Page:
25 March 2017

#Editing 3: Content Edit

Release date coming soon
Pilgrims of the Pool, Book 3 in the Torc of Moonlight trilogy, is finished. Except it’s not. 

Last week was spent on a Structural Edit. Some chapters were re-positioned, others were queried and marked for a future decision, but overall I’m happy with the balance. My notes – just over a page of A4 – were reviewed, line-editing changes I’d marked along the way were keyed-in, and a clean copy of the typescript printed. Beyond this stage, working with a typescript festooned with different coloured annotations soon becomes a recipe for disaster.

This week I’ve been concentrating on the Content Edit. What am I looking for?
  • Facts – yes I’m writing a novel, but facts are the bedrock of any fiction, no matter the genre, and these facts need to be correct. I am working with contemporary conservation, wind turbine and oil-shale hydraulic fracturing; a lab environment using a mass spectrometer and a chromatograph; true places; and a historical thread set around 1150. Can the Benedictine monks of Durham’s priory actually walk in the Chapel of the Nine Altars or was it still under construction? What was the church actually called at the time? What did they eat, when and where? How did they travel? And on it goes... Obviously much of this was either researched prior to the start of the novel, or on the hoof as it was written, but the context still needs to be weighed.
  • Seed, Mature & Harvest – information and artefacts the characters use within the conveying of the story need to be in place (seeding), and mentioned (maturing), before they can be used to the effect necessary (harvesting). If one character is going to slug another with a baseball bat, that bat had better be talked about or dusted long before it’s needed. The same goes for information imparted. Most pertinent detail is slipped on the page as a throwaway line so readers don’t gleefully jump all over it believing they can read the writer’s mind. Once, they’ll forgive; three times and they’ll seek another novel to read. Also, it is very rare that an item is seeded, matured and harvested within the same chapter or couple of chapters, for exactly the same reason. Each needs to be woven into the fabric of the novel so they over-arc one another.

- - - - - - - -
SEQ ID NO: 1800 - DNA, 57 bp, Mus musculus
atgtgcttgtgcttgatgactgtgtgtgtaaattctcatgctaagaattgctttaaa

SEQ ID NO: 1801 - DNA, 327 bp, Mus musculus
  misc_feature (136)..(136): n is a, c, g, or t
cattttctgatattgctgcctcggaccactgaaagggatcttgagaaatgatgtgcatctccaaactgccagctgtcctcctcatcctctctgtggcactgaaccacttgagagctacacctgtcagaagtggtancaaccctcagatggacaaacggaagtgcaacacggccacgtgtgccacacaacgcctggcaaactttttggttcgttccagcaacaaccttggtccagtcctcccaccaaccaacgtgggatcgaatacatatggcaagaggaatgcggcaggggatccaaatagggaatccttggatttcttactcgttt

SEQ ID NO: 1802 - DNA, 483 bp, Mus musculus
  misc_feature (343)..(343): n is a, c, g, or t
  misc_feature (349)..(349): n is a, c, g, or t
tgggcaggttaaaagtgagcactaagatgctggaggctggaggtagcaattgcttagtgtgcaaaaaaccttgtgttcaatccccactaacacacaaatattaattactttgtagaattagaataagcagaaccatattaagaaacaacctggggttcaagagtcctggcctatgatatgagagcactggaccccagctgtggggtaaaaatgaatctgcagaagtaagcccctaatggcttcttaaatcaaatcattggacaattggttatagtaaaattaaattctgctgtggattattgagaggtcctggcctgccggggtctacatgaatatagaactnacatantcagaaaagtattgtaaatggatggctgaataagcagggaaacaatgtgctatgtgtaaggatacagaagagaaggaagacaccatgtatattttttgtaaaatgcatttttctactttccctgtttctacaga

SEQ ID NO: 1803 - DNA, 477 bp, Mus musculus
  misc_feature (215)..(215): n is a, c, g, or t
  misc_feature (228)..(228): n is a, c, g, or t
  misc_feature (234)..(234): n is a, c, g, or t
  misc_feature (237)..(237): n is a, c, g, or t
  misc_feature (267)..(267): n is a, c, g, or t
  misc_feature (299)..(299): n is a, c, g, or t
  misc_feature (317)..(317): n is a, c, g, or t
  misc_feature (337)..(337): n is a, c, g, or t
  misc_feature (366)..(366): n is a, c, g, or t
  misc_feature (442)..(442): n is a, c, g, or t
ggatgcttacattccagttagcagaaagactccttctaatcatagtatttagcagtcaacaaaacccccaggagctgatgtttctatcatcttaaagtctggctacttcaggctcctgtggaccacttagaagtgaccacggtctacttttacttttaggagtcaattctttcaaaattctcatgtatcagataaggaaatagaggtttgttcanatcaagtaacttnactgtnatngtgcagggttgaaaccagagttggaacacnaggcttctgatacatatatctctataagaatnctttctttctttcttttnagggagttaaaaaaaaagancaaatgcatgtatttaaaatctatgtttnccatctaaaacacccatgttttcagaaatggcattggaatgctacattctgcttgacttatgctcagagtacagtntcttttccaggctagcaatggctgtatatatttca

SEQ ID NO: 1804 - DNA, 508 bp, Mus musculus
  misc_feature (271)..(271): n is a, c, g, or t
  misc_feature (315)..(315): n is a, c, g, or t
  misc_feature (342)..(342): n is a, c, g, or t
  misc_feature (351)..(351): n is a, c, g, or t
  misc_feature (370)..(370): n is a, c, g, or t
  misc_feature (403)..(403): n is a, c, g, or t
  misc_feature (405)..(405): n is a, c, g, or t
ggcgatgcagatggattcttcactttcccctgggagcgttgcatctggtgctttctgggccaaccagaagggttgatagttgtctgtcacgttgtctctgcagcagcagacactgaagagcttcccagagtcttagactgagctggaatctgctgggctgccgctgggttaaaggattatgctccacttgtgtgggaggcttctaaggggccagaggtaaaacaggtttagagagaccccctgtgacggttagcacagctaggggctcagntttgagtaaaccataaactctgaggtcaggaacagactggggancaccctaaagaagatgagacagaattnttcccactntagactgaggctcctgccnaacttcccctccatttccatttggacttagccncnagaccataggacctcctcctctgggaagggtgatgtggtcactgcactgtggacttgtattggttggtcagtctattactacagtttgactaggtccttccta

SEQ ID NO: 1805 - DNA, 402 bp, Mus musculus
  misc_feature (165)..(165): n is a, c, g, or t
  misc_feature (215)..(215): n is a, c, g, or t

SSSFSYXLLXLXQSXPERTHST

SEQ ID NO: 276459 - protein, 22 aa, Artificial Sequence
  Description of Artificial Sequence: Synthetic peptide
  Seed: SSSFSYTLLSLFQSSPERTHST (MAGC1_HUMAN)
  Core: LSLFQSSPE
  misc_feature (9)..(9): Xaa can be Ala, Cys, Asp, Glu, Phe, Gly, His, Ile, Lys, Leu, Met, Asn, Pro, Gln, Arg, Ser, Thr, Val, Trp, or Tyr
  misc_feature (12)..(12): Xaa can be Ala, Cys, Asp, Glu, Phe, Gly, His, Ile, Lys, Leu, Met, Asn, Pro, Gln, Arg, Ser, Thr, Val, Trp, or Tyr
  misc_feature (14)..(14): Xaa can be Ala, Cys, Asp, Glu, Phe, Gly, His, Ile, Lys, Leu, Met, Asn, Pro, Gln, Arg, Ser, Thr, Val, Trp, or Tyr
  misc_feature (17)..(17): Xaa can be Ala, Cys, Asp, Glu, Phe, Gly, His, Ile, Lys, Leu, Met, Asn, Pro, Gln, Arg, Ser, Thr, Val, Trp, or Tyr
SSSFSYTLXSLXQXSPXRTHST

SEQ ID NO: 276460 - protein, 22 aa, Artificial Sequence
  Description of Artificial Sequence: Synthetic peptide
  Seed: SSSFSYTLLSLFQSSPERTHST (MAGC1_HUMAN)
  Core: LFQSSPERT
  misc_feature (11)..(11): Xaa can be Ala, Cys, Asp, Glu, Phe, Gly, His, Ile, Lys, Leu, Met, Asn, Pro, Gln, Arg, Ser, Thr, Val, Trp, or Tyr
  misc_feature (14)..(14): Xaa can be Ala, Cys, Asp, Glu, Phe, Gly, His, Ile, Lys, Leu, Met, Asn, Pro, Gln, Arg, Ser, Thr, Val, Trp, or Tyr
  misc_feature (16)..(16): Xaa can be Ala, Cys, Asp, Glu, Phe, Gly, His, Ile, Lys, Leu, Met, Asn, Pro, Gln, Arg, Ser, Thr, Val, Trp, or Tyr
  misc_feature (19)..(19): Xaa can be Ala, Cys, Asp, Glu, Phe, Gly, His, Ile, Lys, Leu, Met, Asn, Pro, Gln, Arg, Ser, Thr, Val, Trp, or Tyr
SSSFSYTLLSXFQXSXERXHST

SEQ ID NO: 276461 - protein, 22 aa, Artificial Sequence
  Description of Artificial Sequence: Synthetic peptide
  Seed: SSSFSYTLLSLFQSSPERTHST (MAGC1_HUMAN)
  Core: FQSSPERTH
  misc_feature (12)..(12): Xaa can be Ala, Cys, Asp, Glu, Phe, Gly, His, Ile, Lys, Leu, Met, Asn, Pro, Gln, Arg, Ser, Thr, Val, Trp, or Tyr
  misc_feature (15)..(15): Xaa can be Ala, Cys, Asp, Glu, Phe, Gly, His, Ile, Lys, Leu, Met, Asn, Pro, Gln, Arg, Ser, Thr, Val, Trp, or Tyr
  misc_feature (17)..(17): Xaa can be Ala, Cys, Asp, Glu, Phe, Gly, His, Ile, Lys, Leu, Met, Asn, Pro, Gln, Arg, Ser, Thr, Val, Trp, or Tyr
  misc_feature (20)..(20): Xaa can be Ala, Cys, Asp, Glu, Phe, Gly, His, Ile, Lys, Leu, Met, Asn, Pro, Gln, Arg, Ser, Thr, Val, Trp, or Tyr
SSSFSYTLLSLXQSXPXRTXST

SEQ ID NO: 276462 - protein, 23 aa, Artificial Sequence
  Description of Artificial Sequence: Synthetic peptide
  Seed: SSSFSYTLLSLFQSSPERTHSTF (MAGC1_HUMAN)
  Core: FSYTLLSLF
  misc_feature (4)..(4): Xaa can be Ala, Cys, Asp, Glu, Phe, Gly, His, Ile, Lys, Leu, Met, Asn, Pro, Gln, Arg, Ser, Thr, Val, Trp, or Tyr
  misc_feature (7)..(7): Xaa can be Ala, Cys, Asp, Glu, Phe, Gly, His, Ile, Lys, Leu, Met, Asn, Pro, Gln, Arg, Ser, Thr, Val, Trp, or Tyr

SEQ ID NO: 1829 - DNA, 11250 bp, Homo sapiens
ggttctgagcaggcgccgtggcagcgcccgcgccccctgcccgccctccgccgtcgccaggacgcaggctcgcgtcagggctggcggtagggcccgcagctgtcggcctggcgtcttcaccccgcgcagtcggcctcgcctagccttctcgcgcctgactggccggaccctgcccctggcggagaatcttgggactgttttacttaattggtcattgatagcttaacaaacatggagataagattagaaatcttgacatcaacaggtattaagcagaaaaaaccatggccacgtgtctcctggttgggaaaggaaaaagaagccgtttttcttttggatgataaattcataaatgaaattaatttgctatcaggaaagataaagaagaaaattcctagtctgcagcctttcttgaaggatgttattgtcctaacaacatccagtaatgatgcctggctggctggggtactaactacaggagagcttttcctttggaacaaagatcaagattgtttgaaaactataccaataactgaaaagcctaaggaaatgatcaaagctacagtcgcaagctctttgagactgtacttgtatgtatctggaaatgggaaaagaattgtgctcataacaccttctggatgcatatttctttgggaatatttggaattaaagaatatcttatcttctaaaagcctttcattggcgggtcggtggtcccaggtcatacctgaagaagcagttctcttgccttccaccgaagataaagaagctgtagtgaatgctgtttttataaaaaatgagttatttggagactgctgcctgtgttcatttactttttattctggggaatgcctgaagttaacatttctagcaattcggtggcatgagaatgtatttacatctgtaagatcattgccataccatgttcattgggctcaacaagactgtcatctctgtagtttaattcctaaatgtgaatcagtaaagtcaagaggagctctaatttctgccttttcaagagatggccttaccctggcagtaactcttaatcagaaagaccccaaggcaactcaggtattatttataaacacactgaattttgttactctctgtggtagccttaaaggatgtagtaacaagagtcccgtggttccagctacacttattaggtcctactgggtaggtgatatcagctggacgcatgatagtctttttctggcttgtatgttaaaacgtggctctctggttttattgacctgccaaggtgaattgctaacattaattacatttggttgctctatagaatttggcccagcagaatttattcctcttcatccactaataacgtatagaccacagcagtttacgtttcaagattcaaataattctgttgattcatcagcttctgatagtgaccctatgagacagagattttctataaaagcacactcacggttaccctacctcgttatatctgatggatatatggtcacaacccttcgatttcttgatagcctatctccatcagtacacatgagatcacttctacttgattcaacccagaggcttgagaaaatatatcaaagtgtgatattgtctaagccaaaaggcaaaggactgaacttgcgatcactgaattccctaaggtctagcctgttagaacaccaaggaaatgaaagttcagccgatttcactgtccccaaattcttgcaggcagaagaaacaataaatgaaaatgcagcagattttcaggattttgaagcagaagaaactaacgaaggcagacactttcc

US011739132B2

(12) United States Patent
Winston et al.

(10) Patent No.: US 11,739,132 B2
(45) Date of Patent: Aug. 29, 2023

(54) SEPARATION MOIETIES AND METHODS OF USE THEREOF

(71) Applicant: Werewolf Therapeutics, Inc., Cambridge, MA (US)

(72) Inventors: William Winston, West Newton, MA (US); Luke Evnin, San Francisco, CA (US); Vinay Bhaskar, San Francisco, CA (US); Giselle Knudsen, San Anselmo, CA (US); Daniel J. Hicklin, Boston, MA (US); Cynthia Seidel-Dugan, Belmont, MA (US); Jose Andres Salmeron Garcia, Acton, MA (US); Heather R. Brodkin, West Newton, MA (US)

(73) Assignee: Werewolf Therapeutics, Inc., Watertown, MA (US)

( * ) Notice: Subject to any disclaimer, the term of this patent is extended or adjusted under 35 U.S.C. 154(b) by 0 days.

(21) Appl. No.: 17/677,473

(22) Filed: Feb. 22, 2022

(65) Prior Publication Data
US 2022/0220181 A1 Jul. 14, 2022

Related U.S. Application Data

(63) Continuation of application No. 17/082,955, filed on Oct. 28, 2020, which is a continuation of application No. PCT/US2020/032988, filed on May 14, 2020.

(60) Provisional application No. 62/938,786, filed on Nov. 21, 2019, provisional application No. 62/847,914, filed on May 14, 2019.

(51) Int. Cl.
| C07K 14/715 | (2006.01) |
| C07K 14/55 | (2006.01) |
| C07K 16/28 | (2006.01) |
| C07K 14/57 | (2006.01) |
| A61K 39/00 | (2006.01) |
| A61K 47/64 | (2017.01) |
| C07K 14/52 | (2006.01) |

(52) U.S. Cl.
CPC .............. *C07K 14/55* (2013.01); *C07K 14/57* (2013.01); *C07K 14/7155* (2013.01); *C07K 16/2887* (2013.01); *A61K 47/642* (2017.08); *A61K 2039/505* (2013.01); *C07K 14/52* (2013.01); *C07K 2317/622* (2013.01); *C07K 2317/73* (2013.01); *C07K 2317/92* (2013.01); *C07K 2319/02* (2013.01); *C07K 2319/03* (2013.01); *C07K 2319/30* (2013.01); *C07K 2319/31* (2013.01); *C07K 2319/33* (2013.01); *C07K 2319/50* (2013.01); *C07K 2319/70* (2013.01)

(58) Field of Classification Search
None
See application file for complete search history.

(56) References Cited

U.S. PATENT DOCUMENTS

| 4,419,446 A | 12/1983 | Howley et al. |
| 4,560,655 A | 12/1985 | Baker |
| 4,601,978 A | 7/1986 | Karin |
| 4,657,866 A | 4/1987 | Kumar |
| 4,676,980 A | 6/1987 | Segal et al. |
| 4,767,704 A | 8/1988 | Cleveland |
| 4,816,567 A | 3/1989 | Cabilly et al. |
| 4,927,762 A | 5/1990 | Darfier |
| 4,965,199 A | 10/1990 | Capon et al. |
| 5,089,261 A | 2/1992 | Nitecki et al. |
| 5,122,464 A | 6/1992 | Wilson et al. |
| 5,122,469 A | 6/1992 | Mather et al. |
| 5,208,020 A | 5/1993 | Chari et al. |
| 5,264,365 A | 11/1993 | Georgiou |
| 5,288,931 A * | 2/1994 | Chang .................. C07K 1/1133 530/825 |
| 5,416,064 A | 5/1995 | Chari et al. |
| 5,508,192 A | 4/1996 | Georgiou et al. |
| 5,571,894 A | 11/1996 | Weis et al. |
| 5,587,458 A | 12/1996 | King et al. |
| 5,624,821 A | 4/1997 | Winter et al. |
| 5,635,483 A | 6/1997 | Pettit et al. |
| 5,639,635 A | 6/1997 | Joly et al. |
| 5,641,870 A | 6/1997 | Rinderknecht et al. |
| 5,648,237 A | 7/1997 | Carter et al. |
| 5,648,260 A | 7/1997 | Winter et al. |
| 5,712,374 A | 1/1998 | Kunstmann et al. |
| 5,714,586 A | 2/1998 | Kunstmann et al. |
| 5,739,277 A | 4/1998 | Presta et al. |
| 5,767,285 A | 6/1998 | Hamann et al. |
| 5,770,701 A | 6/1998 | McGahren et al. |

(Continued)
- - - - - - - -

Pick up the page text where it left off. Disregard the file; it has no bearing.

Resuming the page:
• Hooks & Bombshells – just as the opening of a novel needs a hook so as to engage the reader, throughout a novel hooks are used to pique interest, and conversely bombshells are end-of- sections or chapters written so the reader desires to know what happens next. These can be as overt as portrayed in a TV soap opera, but not all the time or they become laughably wearying. In a novel the use of a series of subliminal bombshells, each ratcheting up the tension by degrees, often works better. It depends on the genre.
  • Conflict – a chapter should not tread water. It matters little whether the conflict is external or internal, pin-prick small or devastatingly large, it needs to be there.
  • Pacing graph – no novel of any length can ignite on opening and keep soaring like a rocket; readers would be emotionally exhausted before they were halfway through. There has to be slower, perhaps more introspective, segments where both the character and the reader take stock. A check of the graph, be it mentally or physically plotted on a wall chart, ensures that variations are sown throughout the length of the novel, with the final quarter increasing in pace to the climax.